Poetry as a Healing Power in Grief

Some time ago I wrote an article for Hello Grief about grief and music. The article received a number of comments and lists of additional songs that have helped others on their grief journey. This response has emboldened me to share what, for me and others I know, is a similar power for healing that can be found in poetry.

Poetry is not for everyone, but it works for me. Like lyrics in a song (which is poetry set to music), it can speak to the heart in ways that prose cannot.

I once read a poem at a Comfort Zone Camp Saturday night bonfire, where we say good by to loved ones lost. The poem’s title is “Lost” and is based on a Native American legend of advice from an elder to a youth. Later that evening, a teen with Down’s Syndrome asked me if she could read it at the Sunday memorial service. “I often feel lost since daddy died in the tower,” she said, “and the words helped.” I was incredibly touch when she read it.

Mary Oliver, one of our poet laureates, writes, “Poetry is prayer, it is passion and music, it is beauty, comfort, it is agitation, declaration, it is thanksgiving…Often poetry is the gate to a new life…It brings new thoughts or welcome remembrance of old ones. It offers simple pleasure, complicated joy, and even, at times, healing.”

Of course poetry is really meant to be heard and not just read. If you want to explore whether or not poetry is for you, I suggest going to YouTube, and searching the word “poetry.”* If you like it, then go to the library or book store, and check out an author that spoke to you. Some will make you laugh or smile, others will touch the sad part of you, and a few will open your eyes and heart to life.

Here’s a taste from poems that speak to me on my grief journey. I hope they will speak to you as well.

Lost – David Wagoner (To me, the message of this poem has been “Stand still” – quiet down – it may be different for you).

Stand still. The trees and the bushes beside you

are not lost. Where ever you are is called Here,

and you must treat it as a powerful stranger,

must ask permission to know it and be known.

The forest breathes. Listen. It answers,

No two trees are the same to Raven.

No two branches are the same to Wren.

If what a tree or a bush does is lost on you,

you are surely lost. Stand still. The forest knows

where you are. You must let it find you.

The Dead – Billy Collins1 (I read this in the local paper the day after 9/11)

The dead are always looking down on us they say,

while we are putting on our shoes or making a sandwich,

they are looking down through the glass-bottom boats

of heaven as they row through eternity.

They watch the top of our heads moving on earth,

and when we lie down in a field or on a couch,

drugged perhaps by the hum of a warm afternoon,

they think we are looking back at them.

Which makes them lift their oars and fall silent

and wait like parents for us to close our eyes.

Heavy – Mary Oliver2 (Written after the death of her life-long partner)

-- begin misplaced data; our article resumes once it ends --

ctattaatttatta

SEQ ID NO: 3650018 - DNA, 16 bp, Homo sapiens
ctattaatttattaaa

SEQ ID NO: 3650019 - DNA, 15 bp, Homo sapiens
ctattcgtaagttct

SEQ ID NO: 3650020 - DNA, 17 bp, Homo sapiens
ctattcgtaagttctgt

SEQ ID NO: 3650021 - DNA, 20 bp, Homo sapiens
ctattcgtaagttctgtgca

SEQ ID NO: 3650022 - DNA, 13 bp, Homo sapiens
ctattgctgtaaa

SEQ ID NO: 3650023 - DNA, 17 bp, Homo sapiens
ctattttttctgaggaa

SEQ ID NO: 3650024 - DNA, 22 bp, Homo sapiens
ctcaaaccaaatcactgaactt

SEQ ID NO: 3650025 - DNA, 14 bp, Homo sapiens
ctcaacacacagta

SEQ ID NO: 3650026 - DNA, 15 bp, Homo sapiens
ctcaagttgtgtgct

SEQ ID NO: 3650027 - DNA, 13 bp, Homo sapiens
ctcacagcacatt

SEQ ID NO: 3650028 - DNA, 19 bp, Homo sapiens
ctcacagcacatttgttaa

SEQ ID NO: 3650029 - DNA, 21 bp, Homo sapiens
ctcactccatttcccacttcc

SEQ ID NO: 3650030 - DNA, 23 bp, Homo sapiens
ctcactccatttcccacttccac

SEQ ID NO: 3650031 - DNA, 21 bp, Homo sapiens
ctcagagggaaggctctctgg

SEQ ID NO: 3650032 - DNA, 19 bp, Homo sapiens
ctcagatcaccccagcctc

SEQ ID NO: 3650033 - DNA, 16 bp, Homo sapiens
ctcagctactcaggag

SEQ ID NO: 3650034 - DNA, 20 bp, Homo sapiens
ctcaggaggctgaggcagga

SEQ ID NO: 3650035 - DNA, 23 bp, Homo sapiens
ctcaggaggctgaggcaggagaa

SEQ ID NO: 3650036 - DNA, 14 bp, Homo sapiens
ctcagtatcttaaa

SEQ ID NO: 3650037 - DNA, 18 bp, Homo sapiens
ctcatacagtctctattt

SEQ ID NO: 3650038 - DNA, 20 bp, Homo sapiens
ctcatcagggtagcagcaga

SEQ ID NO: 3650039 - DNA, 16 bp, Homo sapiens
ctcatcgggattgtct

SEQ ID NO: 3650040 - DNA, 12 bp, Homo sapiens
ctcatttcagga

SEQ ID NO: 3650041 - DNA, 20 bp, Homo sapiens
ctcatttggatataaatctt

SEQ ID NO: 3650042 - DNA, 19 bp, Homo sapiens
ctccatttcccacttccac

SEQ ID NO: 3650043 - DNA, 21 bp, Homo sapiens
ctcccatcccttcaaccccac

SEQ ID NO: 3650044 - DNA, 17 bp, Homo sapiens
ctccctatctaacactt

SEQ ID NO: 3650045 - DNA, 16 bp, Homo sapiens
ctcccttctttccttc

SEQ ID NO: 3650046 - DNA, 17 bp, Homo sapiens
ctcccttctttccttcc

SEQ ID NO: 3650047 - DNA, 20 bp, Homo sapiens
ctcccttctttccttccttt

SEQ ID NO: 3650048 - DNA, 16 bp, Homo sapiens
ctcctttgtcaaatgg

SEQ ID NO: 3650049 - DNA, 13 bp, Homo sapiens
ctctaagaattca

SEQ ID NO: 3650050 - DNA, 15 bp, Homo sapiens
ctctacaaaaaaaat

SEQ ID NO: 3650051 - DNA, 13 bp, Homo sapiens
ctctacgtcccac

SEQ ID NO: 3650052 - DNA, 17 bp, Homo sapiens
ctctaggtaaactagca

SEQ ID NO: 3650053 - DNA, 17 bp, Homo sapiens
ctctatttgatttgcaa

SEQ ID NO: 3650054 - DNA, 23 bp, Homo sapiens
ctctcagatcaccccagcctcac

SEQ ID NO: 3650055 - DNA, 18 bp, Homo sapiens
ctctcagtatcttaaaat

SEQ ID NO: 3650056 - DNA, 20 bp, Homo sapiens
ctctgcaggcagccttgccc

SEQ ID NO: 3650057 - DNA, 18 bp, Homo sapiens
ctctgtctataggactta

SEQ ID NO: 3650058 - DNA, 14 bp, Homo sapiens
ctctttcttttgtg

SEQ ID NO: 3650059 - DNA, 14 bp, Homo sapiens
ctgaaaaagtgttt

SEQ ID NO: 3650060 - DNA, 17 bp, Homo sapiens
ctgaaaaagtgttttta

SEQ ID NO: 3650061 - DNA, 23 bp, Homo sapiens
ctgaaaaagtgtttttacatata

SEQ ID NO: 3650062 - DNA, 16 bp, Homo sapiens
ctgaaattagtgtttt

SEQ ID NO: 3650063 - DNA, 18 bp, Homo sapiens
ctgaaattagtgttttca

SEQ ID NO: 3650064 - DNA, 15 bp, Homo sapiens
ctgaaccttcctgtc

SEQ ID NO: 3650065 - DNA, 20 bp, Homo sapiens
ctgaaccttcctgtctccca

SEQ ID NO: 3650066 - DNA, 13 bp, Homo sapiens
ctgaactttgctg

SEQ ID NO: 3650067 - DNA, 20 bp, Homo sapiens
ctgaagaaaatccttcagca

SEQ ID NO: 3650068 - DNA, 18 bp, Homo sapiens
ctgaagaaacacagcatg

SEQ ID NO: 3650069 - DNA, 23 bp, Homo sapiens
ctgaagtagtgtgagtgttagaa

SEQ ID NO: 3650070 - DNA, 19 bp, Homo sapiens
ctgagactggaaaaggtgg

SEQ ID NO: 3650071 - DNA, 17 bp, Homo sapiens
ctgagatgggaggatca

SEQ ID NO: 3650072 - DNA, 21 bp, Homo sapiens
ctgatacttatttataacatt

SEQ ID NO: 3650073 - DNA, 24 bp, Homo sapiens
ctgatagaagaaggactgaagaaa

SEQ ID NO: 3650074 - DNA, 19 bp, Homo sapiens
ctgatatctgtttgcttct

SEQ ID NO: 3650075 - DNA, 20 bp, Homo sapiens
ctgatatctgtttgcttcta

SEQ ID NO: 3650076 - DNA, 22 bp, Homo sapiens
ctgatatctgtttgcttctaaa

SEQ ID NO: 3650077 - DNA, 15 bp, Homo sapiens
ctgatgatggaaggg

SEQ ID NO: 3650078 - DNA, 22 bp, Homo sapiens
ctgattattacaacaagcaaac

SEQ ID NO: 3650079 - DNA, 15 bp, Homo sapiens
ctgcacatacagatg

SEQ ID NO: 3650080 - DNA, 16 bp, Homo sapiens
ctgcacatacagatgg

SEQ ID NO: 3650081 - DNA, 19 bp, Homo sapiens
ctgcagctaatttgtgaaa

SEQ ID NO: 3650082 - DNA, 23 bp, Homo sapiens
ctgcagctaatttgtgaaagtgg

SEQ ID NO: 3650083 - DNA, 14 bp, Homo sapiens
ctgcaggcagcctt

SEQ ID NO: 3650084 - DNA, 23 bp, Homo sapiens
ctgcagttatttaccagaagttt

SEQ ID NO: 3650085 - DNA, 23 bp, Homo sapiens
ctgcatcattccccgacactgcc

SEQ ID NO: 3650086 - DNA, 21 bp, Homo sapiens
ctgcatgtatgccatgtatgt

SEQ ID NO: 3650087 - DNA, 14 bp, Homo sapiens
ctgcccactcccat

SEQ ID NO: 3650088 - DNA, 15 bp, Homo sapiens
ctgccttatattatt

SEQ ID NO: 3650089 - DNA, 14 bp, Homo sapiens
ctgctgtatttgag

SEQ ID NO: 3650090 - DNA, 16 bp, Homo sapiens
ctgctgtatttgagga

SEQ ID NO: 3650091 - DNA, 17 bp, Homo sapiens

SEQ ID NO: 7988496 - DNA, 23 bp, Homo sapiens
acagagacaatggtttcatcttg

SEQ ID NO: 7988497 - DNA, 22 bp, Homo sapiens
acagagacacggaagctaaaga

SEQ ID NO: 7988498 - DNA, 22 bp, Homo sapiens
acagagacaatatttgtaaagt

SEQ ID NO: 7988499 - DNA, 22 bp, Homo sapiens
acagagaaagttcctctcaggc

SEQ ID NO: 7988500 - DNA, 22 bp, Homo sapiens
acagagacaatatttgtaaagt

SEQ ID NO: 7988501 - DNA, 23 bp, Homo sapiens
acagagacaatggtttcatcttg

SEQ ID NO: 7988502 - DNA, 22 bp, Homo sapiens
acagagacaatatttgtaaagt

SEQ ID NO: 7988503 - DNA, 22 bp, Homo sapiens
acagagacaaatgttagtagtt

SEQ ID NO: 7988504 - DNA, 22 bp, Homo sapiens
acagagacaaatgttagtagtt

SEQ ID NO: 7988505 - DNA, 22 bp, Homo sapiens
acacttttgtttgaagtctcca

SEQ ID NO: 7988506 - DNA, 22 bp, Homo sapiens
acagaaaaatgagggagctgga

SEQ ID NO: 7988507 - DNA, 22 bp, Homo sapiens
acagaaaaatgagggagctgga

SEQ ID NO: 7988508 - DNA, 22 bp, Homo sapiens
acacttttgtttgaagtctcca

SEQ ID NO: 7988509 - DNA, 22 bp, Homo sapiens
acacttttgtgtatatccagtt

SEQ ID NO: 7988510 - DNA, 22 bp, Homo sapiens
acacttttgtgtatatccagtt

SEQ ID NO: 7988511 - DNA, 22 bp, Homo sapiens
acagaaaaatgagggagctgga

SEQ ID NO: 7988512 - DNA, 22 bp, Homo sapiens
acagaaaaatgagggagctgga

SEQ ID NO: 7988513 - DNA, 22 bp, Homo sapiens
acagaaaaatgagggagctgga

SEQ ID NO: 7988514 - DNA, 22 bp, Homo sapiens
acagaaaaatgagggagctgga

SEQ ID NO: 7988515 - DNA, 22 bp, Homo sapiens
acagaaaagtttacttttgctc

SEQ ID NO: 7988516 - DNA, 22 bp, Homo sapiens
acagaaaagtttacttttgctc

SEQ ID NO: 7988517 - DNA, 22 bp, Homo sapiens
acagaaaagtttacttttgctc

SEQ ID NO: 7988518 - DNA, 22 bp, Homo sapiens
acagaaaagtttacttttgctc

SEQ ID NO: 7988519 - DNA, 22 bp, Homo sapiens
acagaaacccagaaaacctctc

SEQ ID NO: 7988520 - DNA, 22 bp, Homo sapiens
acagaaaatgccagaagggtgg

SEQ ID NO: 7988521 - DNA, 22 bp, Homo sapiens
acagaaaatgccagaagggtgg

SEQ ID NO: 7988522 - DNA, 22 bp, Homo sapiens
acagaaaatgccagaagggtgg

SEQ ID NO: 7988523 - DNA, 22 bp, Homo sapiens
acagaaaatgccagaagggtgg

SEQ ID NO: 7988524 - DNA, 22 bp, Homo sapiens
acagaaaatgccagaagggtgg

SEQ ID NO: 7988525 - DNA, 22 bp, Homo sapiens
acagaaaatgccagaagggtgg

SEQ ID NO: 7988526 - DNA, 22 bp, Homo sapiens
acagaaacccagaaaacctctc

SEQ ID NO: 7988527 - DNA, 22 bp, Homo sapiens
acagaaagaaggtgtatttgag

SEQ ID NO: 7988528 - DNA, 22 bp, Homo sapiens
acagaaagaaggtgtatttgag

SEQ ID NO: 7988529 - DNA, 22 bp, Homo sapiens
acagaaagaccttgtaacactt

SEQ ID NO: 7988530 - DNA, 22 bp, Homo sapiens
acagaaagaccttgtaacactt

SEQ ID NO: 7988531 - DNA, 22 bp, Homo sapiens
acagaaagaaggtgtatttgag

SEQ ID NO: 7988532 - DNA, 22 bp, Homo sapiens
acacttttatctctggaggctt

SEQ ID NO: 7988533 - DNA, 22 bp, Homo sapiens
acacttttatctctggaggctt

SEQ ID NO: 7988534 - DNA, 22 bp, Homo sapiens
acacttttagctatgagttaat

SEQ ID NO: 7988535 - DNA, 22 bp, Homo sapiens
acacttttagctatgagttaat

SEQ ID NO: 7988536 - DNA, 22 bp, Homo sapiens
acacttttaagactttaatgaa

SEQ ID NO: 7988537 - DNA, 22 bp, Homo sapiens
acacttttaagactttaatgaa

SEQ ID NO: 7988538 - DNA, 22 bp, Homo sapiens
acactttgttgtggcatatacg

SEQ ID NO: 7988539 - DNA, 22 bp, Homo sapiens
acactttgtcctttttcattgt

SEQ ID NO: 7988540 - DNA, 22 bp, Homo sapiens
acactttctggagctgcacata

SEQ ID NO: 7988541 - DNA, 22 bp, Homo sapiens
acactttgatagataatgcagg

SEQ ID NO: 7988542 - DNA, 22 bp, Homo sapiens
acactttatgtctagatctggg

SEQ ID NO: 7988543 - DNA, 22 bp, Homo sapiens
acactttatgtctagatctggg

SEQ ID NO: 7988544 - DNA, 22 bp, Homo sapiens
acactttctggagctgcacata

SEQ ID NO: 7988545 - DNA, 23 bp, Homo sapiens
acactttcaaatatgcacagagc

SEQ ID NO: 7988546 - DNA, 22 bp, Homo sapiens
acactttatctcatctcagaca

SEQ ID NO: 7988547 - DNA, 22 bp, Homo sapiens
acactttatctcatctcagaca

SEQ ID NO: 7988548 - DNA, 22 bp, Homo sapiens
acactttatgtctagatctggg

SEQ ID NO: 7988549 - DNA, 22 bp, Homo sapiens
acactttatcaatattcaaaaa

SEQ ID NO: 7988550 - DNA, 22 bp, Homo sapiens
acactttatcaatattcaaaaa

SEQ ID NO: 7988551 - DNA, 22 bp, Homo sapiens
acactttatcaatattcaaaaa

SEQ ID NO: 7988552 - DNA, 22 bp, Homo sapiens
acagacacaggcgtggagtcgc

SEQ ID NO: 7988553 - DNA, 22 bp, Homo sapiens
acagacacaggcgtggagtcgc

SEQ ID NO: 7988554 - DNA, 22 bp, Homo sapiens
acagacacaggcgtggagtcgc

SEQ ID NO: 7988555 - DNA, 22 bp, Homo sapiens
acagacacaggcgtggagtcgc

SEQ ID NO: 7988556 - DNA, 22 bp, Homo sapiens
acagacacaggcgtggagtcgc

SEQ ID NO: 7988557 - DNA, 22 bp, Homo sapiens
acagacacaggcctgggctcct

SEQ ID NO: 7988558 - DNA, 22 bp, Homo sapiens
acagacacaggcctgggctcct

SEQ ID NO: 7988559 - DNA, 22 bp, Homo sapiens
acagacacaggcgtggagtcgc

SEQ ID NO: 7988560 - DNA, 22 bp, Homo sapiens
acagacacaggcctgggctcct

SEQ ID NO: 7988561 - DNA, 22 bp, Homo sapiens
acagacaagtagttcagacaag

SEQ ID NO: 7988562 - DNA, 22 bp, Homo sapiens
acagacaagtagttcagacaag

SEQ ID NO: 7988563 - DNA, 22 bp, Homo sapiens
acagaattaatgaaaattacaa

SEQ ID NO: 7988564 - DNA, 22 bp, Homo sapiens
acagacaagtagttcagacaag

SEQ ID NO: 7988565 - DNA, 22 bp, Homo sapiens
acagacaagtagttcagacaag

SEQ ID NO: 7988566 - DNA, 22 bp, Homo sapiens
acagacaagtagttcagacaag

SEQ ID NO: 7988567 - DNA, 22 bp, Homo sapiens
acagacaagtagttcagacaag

That time

I thought I could not

go any closer to grief

without dying.

I went closer,

and I did not die.

Surley God

had His hand in this,

as well as friends.

Still I was bent,

and my laughter,

as the poet said,

was nowhere to be found.

Then said my friend Daniel

(brave even among lions),

“It is not the weight you carry

but how you carry it—

books, bricks, grief—

it’s all in the way

you embrace it, balance it, carry it

When you cannot, and would not,

put it down.”

So I went practicing.

Have you noticed?

Have you heard

the laughter

that comes, now and again,

out of my startled mouth?

How I linger

to admire, admire

the things of this world

that are kind and maybe

also troubled—

roses in the wind,

The sea geese on the steep waves,

a love

to which there is no reply?

When Death Comes –Mary Oliver (Reminds me to make the most of life, and of my mother and others who made the most of out of their lives)

When death comes

Like the hungry bear in autumn,

When death comes and takes all the bright coins from his purse

To buy me, and snaps the purse shut;

When death comes like the measle pox;

When death comes

Like an iceburg between the shoulder blades,

I want to step through the door full of curiosity, wondering:

What is it going to be like, that cottage of darkness?

And therefore I look upon everything

as a brotherhood and sisterhood,

and I look upon time as no more than an idea,

and I consider eternity as another possibility,

and I think of each life as a flower, as common

as a field daisy, and as singular,

and each name a comfortable music in the mouth,

tending, as all music does, toward silence,

and each body a lion of courage, and something

precious to the earth.

When it is over I want to say: all my life

I was a bride married to amazement.

I was a bridegroom, taking the world into my arms.

When it is over, I don’t want to wonder

if I have made my life something particular and real.

I don’t want to find myself sighing and frightened,

or full of argument.

I don’t want to end up simply having visited this world.

If poetry also speaks to you, and has helped you in your grief journey, please share with me and the group as a comment below.